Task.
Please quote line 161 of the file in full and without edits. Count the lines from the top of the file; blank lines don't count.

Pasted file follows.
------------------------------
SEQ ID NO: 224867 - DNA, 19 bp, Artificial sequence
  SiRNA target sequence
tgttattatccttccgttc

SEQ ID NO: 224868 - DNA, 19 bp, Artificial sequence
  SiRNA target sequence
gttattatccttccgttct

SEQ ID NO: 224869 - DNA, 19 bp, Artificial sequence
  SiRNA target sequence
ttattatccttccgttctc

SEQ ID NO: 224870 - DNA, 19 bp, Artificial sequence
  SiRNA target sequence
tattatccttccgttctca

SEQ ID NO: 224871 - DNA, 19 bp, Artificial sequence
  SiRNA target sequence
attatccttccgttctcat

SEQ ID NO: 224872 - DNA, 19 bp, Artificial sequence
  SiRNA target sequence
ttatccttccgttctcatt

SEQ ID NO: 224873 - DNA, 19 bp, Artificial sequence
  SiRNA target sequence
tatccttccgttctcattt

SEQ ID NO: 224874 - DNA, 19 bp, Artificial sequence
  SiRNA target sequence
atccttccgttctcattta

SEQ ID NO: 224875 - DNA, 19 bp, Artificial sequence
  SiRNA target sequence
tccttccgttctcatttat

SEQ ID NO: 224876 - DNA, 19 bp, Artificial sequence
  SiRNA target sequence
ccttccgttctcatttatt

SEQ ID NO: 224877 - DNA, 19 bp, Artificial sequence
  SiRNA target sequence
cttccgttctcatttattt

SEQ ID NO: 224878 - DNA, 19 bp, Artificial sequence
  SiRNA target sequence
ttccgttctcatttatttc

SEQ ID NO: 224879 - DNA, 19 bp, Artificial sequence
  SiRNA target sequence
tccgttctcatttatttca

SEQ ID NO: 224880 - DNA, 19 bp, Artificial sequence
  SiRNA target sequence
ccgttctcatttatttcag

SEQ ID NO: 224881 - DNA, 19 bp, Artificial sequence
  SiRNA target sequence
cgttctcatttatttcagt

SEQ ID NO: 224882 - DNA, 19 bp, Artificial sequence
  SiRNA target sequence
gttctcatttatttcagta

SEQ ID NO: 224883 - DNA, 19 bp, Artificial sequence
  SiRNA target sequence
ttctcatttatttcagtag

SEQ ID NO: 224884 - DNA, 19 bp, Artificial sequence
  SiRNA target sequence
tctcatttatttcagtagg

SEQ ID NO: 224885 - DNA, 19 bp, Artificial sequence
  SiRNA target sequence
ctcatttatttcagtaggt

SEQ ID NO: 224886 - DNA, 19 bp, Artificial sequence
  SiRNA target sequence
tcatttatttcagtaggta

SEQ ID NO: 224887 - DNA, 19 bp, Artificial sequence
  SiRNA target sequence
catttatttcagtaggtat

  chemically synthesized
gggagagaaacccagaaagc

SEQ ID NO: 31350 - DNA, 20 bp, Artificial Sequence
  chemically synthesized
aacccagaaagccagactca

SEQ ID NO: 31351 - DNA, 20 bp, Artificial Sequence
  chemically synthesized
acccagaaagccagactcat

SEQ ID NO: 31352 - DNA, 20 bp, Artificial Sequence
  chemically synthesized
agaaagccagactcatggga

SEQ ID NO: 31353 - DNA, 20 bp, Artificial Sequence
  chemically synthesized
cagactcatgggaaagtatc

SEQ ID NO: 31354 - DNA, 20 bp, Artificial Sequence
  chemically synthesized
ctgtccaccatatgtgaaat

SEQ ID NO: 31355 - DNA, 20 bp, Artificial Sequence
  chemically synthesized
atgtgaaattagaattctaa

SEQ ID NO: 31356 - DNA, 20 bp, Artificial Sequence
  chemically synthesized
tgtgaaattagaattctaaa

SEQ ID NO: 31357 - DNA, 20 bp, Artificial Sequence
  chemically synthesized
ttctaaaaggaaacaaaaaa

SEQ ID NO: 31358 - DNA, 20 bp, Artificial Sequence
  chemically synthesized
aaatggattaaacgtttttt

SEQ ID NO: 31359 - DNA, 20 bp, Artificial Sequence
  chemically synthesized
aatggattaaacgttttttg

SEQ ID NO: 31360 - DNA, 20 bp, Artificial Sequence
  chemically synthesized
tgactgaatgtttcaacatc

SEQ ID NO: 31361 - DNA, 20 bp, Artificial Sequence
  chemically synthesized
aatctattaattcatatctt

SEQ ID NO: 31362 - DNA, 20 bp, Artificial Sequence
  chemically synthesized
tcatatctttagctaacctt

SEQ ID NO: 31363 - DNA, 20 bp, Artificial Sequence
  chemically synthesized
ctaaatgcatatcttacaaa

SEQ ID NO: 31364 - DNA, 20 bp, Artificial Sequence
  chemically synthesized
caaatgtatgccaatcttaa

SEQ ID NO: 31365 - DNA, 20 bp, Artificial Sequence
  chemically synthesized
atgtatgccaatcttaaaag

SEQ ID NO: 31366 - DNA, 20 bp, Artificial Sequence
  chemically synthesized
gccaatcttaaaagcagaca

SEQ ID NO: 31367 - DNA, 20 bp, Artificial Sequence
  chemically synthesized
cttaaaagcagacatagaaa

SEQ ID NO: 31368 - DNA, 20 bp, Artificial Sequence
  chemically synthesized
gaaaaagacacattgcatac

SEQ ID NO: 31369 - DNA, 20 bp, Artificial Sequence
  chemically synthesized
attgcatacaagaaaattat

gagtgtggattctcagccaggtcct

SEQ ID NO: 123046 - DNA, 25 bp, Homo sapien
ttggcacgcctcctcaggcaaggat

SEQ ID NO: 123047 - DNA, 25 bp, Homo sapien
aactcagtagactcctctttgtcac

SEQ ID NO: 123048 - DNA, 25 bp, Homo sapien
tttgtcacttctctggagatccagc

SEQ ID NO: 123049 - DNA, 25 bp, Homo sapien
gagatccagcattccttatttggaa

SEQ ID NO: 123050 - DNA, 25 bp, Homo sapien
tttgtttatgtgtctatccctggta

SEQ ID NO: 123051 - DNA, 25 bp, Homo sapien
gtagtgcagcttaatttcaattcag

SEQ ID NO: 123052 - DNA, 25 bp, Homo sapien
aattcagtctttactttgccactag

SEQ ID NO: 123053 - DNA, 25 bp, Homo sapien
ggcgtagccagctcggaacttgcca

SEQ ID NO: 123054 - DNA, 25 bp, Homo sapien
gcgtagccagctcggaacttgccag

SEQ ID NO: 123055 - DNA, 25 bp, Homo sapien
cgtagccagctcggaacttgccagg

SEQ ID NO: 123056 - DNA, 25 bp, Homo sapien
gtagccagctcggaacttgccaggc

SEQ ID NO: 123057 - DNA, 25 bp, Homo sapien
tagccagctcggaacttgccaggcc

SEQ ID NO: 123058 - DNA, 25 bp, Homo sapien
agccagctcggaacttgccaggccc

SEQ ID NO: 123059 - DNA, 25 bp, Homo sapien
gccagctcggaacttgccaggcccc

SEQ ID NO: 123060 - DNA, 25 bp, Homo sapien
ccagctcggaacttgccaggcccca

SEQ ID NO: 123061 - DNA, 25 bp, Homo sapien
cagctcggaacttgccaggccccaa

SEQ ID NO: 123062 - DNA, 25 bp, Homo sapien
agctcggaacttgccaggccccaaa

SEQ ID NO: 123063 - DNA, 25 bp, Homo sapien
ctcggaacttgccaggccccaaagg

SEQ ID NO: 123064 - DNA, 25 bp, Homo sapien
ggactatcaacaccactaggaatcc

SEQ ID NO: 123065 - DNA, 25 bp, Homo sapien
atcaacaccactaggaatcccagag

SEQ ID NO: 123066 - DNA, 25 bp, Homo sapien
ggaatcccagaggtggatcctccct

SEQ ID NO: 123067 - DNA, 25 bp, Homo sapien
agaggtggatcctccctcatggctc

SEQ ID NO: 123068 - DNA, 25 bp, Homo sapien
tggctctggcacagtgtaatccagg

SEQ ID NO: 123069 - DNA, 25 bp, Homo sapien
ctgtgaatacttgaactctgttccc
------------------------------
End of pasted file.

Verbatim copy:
SEQ ID NO: 123063 - DNA, 25 bp, Homo sapien